Defence of doctoral thesis: Yunus Can Görür – Design of Cellulose-Based Materials via Sustainable and Scalable Processes
Opponent: Professor Tsuguyuki Saito, The University of Tokyo
Supervisor: Professor Lars Wågberg, KTH, co-supervisor Per Larsson, KTH
Plastic pollution is one of the most pressing environmental issues in today’s world. Addressing this problem calls for the development of environmentally friendly alternatives that would reduce the amount of persistent plastic waste. Wood-based cellulose is an excellent candidate as a renewable and biodegradable alternative to oil-based plastics in a variety of applications. However, for their widespread adoption, cellulosic materials need to perform comparably to their oil-based counterparts, while simultaneously attaining similarly high processing efficiencies. A major challenge today is to produce high-performance cellulosic materials at industrially feasible rates using scalable methods.
This thesis demonstrates that with a fundamental understanding of fiber chemistry and behavior, cellulose fibers can be tuned to develop sustainable material streams and advanced functional materials at high process rates. First, a new stimuli-responsive cellulosic fiber material called self-fibrillating fibers (SFFs) was developed, where the mechanisms governing the swelling of the fiber wall were thoroughly investigated. The knowledge and understanding obtained from these fundamental studies were utilized to prepare pH-responsive filters. Secondly, the preparation of SFF papers and nanopapers using conventional papermaking methods and equipment was demonstrated within the context of rapid transparent paper preparation. It was shown that SFFs can be rapidly dewatered to obtain papers, where the constituting fibers can be nanofibrillated in situ, resulting in strong, transparent and gas barrier nanopapers without sacrificing processing speed. Thirdly, the use of SFFs was extended to functional nanocomposites. A new and scalable materials processing platform for the rapid preparation of functional cellulose hybrids was developed. The stimuli-responsive self-assembly of chemically nanofibrillated SFFs was studied and utilized to prepare nanopapers and hybrid materials. Finally, SFFs were used as bio-based binders in the fabrication of graphitic Li-ion battery electrodes with improved processing and electrochemistry. Taking advantage of their facile nanofibrillation and favorable chemistry, SFFs were nanofibrillated during slurry mixing then blade-coated on copper supports to create strong electrodes with excellent performance.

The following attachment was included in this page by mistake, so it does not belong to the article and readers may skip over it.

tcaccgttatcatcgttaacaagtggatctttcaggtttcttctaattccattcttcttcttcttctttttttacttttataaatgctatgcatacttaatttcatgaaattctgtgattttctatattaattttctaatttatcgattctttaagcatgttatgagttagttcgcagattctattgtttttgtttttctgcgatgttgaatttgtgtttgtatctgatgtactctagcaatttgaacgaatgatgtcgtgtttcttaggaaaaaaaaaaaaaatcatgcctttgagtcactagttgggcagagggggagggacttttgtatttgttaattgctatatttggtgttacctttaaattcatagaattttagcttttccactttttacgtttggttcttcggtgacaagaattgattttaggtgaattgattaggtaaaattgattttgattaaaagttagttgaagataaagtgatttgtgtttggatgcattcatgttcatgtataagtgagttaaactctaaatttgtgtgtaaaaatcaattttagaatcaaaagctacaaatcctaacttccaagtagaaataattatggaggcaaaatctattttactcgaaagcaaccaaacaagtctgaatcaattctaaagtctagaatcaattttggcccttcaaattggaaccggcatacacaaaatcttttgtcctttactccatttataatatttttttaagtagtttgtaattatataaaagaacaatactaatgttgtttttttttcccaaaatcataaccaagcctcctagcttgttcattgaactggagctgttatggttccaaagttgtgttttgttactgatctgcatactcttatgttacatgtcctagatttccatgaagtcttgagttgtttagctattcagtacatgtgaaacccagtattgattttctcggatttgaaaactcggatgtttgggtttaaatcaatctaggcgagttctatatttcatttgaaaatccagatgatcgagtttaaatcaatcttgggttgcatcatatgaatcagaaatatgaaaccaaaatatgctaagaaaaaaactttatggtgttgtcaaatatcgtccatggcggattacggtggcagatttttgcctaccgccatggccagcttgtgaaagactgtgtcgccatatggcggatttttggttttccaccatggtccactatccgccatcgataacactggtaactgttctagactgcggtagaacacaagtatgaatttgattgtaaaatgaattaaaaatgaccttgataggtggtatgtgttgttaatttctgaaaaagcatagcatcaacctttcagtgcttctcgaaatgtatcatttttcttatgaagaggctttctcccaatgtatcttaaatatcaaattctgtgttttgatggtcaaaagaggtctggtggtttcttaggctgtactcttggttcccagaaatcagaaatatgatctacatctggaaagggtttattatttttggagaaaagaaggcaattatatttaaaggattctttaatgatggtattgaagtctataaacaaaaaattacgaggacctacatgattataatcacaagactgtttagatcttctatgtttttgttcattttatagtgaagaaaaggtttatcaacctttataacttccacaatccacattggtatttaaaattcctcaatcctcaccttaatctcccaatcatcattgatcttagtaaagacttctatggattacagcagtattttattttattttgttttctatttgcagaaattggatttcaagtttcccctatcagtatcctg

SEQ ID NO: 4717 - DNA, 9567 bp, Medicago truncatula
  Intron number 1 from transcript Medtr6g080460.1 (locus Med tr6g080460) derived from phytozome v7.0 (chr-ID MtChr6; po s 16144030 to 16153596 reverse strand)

The novel materials and methodologies presented herein combine an aqueous fiber modification strategy with excellent processing properties for the preparation of high-performance cellulosic materials that can compete with oil-based plastics in various applications.